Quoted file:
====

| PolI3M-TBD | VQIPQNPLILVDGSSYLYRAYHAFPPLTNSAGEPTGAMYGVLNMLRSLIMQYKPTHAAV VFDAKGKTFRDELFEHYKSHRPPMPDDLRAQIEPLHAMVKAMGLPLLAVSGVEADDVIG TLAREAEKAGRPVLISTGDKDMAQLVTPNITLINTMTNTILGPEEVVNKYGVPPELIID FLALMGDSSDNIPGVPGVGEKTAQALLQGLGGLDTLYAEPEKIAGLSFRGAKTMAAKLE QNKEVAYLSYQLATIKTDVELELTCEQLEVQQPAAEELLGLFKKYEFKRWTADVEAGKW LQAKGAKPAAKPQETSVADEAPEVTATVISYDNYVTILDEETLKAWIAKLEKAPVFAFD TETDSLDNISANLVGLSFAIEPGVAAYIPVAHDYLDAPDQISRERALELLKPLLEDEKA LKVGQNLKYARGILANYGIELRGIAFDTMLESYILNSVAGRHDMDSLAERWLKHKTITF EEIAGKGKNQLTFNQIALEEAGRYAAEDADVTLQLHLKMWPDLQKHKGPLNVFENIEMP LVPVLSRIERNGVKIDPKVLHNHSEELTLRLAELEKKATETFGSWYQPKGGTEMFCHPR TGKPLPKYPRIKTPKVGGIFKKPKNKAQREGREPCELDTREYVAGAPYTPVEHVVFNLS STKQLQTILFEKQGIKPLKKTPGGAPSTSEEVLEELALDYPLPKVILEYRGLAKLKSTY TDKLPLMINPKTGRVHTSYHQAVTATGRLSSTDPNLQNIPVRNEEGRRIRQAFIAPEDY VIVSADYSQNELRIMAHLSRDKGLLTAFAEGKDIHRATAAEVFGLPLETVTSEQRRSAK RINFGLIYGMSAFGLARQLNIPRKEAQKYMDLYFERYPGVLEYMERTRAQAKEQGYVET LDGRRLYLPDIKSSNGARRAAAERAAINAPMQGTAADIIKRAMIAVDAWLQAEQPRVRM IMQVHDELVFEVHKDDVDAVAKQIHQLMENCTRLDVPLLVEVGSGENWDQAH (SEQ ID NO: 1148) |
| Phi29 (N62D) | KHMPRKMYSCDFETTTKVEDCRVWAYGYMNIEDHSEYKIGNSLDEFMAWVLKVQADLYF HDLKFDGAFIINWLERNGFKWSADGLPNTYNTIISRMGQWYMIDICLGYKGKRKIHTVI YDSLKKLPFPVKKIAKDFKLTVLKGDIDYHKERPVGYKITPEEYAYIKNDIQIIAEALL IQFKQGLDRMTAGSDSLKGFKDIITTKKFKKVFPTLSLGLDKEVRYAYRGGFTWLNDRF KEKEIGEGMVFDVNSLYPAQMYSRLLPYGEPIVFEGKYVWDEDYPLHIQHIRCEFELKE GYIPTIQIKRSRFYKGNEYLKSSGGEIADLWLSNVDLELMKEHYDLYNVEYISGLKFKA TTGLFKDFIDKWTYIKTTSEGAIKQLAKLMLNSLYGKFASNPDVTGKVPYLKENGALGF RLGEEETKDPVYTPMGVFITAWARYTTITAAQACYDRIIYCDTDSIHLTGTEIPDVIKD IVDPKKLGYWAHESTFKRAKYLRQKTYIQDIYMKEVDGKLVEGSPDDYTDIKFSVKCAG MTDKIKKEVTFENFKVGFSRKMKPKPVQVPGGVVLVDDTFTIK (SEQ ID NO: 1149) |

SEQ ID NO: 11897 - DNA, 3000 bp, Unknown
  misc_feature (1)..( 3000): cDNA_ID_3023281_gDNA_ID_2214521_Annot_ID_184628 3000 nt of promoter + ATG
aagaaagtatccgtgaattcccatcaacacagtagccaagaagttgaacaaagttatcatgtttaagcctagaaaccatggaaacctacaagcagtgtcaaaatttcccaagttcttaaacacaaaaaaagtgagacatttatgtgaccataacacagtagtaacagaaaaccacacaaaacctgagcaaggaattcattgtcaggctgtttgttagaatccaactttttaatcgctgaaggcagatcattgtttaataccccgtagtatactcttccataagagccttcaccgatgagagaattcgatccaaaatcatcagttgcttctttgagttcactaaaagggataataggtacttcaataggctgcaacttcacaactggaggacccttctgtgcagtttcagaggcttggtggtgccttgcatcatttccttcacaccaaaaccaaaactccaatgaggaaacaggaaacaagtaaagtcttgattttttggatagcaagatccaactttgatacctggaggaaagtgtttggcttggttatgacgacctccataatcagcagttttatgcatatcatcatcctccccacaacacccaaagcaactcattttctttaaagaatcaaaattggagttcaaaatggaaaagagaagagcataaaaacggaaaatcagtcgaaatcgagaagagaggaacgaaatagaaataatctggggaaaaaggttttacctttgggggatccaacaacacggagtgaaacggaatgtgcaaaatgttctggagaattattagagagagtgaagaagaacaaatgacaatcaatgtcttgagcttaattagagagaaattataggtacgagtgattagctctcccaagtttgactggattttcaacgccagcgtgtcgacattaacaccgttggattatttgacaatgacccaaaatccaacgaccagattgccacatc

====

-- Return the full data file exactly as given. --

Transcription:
| PolI3M-TBD | VQIPQNPLILVDGSSYLYRAYHAFPPLTNSAGEPTGAMYGVLNMLRSLIMQYKPTHAAV VFDAKGKTFRDELFEHYKSHRPPMPDDLRAQIEPLHAMVKAMGLPLLAVSGVEADDVIG TLAREAEKAGRPVLISTGDKDMAQLVTPNITLINTMTNTILGPEEVVNKYGVPPELIID FLALMGDSSDNIPGVPGVGEKTAQALLQGLGGLDTLYAEPEKIAGLSFRGAKTMAAKLE QNKEVAYLSYQLATIKTDVELELTCEQLEVQQPAAEELLGLFKKYEFKRWTADVEAGKW LQAKGAKPAAKPQETSVADEAPEVTATVISYDNYVTILDEETLKAWIAKLEKAPVFAFD TETDSLDNISANLVGLSFAIEPGVAAYIPVAHDYLDAPDQISRERALELLKPLLEDEKA LKVGQNLKYARGILANYGIELRGIAFDTMLESYILNSVAGRHDMDSLAERWLKHKTITF EEIAGKGKNQLTFNQIALEEAGRYAAEDADVTLQLHLKMWPDLQKHKGPLNVFENIEMP LVPVLSRIERNGVKIDPKVLHNHSEELTLRLAELEKKATETFGSWYQPKGGTEMFCHPR TGKPLPKYPRIKTPKVGGIFKKPKNKAQREGREPCELDTREYVAGAPYTPVEHVVFNLS STKQLQTILFEKQGIKPLKKTPGGAPSTSEEVLEELALDYPLPKVILEYRGLAKLKSTY TDKLPLMINPKTGRVHTSYHQAVTATGRLSSTDPNLQNIPVRNEEGRRIRQAFIAPEDY VIVSADYSQNELRIMAHLSRDKGLLTAFAEGKDIHRATAAEVFGLPLETVTSEQRRSAK RINFGLIYGMSAFGLARQLNIPRKEAQKYMDLYFERYPGVLEYMERTRAQAKEQGYVET LDGRRLYLPDIKSSNGARRAAAERAAINAPMQGTAADIIKRAMIAVDAWLQAEQPRVRM IMQVHDELVFEVHKDDVDAVAKQIHQLMENCTRLDVPLLVEVGSGENWDQAH (SEQ ID NO: 1148) |
| Phi29 (N62D) | KHMPRKMYSCDFETTTKVEDCRVWAYGYMNIEDHSEYKIGNSLDEFMAWVLKVQADLYF HDLKFDGAFIINWLERNGFKWSADGLPNTYNTIISRMGQWYMIDICLGYKGKRKIHTVI YDSLKKLPFPVKKIAKDFKLTVLKGDIDYHKERPVGYKITPEEYAYIKNDIQIIAEALL IQFKQGLDRMTAGSDSLKGFKDIITTKKFKKVFPTLSLGLDKEVRYAYRGGFTWLNDRF KEKEIGEGMVFDVNSLYPAQMYSRLLPYGEPIVFEGKYVWDEDYPLHIQHIRCEFELKE GYIPTIQIKRSRFYKGNEYLKSSGGEIADLWLSNVDLELMKEHYDLYNVEYISGLKFKA TTGLFKDFIDKWTYIKTTSEGAIKQLAKLMLNSLYGKFASNPDVTGKVPYLKENGALGF RLGEEETKDPVYTPMGVFITAWARYTTITAAQACYDRIIYCDTDSIHLTGTEIPDVIKD IVDPKKLGYWAHESTFKRAKYLRQKTYIQDIYMKEVDGKLVEGSPDDYTDIKFSVKCAG MTDKIKKEVTFENFKVGFSRKMKPKPVQVPGGVVLVDDTFTIK (SEQ ID NO: 1149) |

SEQ ID NO: 11897 - DNA, 3000 bp, Unknown
  misc_feature (1)..( 3000): cDNA_ID_3023281_gDNA_ID_2214521_Annot_ID_184628 3000 nt of promoter + ATG
aagaaagtatccgtgaattcccatcaacacagtagccaagaagttgaacaaagttatcatgtttaagcctagaaaccatggaaacctacaagcagtgtcaaaatttcccaagttcttaaacacaaaaaaagtgagacatttatgtgaccataacacagtagtaacagaaaaccacacaaaacctgagcaaggaattcattgtcaggctgtttgttagaatccaactttttaatcgctgaaggcagatcattgtttaataccccgtagtatactcttccataagagccttcaccgatgagagaattcgatccaaaatcatcagttgcttctttgagttcactaaaagggataataggtacttcaataggctgcaacttcacaactggaggacccttctgtgcagtttcagaggcttggtggtgccttgcatcatttccttcacaccaaaaccaaaactccaatgaggaaacaggaaacaagtaaagtcttgattttttggatagcaagatccaactttgatacctggaggaaagtgtttggcttggttatgacgacctccataatcagcagttttatgcatatcatcatcctccccacaacacccaaagcaactcattttctttaaagaatcaaaattggagttcaaaatggaaaagagaagagcataaaaacggaaaatcagtcgaaatcgagaagagaggaacgaaatagaaataatctggggaaaaaggttttacctttgggggatccaacaacacggagtgaaacggaatgtgcaaaatgttctggagaattattagagagagtgaagaagaacaaatgacaatcaatgtcttgagcttaattagagagaaattataggtacgagtgattagctctcccaagtttgactggattttcaacgccagcgtgtcgacattaacaccgttggattatttgacaatgacccaaaatccaacgaccagattgccacatc